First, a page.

Trump’s attorneys utterly neglected to answer questions from vacillating Republican senators

Key Republican senators on the fence over Donald Trump’s second impeachment verdict had some specific factual questions for Trump’s attorneys about his actions on the day the US Capitol was stormed.

Trump’s lawyers didn’t come close to answering.

During an impeachment period when Senators were able to put written questions to the legal team on both sides on Friday afternoon, were Sens. Susan Collins (R-ME), Lisa Murkowski (R-AK), Mitt Romney (R-UT) and Bill Cassidy (R-LA) Everyone wanted to know more about why it took exactly this long for Trump to mobilize the federal government to stop the mob and how the president reacted to the developing situation.

Michael van der Veen, a Trump attorney, gave them nothing. All he could quote were the tweets Trump publicly issued at the time. But that wasn’t his fault, he said – it’s the house’s fault for not having conducted an adequate investigation.

“There is nothing on the file on this point. Because the house didn’t even do a minimum of due diligence, ”said van der Veen as he threw away a question on the subject.

“In the rush to initiate this impeachment process, this has not been investigated. And that’s the problem with this whole process, ”he replied to another.

To be clear, van der Veen and his colleagues could voluntarily have provided new exculpatory evidence of how Trump responded to the January 6 uprising or other related issues, as part of their defense for the former president. You didn’t do it.

But what we know from reporting on Trump’s behavior that day is not flattering. Sources have told journalists, for example at the Washington Post, that he was closely watching the chaos on television and resisting requests from some advisors to condemn the violence. Senator Ben Sasse (R-NE) has claimed White House officials told him Trump was “pleased” when the Capitol was stormed. And on Friday night, CNN reported that Trump had turned down Kevin McCarthy’s requests to condemn the rioters, saying, “Well, Kevin, I think these people are more upset about the election than you are.”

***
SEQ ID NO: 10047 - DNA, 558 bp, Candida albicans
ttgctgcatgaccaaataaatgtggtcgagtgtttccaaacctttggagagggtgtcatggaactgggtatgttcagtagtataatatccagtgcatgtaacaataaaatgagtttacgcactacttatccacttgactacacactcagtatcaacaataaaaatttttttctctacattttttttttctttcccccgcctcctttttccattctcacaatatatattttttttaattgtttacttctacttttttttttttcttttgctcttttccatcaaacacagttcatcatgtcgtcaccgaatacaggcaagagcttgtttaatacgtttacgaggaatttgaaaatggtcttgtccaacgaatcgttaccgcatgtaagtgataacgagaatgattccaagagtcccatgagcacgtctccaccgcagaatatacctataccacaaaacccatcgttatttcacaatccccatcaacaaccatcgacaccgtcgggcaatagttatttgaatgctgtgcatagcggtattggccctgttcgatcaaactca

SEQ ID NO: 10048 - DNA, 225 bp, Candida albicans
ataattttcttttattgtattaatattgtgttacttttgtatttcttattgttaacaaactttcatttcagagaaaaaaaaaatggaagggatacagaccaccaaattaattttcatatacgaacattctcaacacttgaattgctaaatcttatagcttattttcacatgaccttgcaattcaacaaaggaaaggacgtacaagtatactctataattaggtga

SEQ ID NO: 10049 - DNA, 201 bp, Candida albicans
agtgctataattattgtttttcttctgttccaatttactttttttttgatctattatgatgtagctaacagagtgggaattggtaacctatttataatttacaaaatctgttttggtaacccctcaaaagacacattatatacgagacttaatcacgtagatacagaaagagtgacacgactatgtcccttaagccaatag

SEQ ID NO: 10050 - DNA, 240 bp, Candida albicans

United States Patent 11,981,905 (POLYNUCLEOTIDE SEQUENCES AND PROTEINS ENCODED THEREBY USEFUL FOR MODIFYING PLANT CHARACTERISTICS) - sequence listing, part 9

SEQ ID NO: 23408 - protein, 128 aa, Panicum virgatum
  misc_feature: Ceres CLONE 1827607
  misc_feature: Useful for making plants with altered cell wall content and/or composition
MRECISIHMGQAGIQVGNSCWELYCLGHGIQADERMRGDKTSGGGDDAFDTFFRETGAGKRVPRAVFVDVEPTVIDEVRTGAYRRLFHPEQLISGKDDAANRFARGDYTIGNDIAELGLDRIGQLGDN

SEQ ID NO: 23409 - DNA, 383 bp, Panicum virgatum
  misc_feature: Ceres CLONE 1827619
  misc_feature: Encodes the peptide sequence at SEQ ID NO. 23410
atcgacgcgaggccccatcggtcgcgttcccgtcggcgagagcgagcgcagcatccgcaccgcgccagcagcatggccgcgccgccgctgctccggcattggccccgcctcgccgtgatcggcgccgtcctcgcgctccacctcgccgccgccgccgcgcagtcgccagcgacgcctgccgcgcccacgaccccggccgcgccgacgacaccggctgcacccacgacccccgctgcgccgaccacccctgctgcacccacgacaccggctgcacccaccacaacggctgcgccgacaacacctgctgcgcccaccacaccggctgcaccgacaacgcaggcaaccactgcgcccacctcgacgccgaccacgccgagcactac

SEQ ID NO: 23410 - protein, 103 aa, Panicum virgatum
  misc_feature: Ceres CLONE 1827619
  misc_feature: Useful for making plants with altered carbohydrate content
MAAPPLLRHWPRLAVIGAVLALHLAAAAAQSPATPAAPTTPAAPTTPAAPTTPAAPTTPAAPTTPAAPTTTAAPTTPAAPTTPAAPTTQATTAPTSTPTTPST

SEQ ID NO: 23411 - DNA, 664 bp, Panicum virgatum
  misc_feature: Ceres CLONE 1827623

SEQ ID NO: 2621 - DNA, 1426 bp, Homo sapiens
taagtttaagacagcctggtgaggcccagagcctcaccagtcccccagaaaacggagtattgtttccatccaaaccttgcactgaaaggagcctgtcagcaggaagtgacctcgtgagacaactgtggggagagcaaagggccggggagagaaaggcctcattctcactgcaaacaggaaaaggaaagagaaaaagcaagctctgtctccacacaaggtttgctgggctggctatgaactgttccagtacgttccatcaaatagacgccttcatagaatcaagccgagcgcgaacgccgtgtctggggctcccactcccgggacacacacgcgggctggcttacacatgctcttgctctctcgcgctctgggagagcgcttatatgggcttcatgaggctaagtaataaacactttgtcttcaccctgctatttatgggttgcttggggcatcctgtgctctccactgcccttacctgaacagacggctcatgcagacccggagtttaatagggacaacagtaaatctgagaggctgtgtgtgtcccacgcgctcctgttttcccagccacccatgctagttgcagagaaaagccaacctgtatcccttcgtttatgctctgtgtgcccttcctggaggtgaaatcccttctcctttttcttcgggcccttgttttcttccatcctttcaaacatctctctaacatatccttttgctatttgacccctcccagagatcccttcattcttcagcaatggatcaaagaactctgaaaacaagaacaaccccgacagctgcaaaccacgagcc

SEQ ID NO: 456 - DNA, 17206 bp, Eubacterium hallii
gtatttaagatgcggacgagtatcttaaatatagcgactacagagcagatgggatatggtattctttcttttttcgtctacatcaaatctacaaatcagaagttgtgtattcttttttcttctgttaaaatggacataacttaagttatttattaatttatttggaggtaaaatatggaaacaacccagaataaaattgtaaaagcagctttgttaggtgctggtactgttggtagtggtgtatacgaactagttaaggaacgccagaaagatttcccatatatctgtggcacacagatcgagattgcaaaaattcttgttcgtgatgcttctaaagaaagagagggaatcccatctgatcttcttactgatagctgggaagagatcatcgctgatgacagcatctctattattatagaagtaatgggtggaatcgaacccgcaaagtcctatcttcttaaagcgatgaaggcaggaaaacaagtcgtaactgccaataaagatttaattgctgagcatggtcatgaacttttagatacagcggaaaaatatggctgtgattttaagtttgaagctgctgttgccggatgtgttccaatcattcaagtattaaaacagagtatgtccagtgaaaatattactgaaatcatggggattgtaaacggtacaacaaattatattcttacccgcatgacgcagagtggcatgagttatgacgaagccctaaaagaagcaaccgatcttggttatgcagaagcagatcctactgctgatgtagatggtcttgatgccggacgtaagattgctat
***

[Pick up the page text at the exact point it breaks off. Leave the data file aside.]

However, Trump’s team rightly pointed out that so far the Democrats have made a strategic decision not to pursue affidavits from Trump’s aides as part of this investigation. That means there are few statements about what Trump did from people with first-hand knowledge.

It’s unclear whether testimony would have a big impact on Republican senators’ votes in a verdict (17 would be necessary to convict Trump and far fewer appear to be currently open to it). Also, note that McCarthy voted against impeachment, despite apparently knowing what Trump said to him on Jan. 6. The lack of testimony, however, means that Republicans considering conviction have less to do.

Important Republican senators had questions. You didn’t get any answers.

The first skeptical Republican question from Sens. Collins and Murkowski was, “When exactly did President Trump find out about the Capitol breach? What specific measures has he taken to end the unrest and when did he take them? Please be as detailed as possible. “

Van der Veen’s answer was not detailed. “We have a tweet at 2:38 am, so it certainly was sometime before,” he said. (At 2:38 pm, Trump sent a tweet that read, “Please support our police and law enforcement in the Capitol. You really are on our country’s side. Stay peaceful!”)

But van der Veen had nothing more to offer, and he tried to blame the impeachment managers of the house for this failure. “The property managers have not investigated and the American people deserve a lot better than coming here without evidence. Hearsay after hearsay and hearsay reports,” he said.

Romney and Collins later asked another question, trying to find out when Trump learned that Vice President Mike Pence could have been in physical danger.

The background is that Senator Tommy Tuberville (R-AL) has publicly stated that he phoned Trump after the protesters had already entered the Capitol. (Trump tried to get Tuberville to slow down the number of votes.) Per Tuberville’s report to Politico, he had to cut the call and said to Trump, “Mr. President, you just took out the vice president, I have to go. “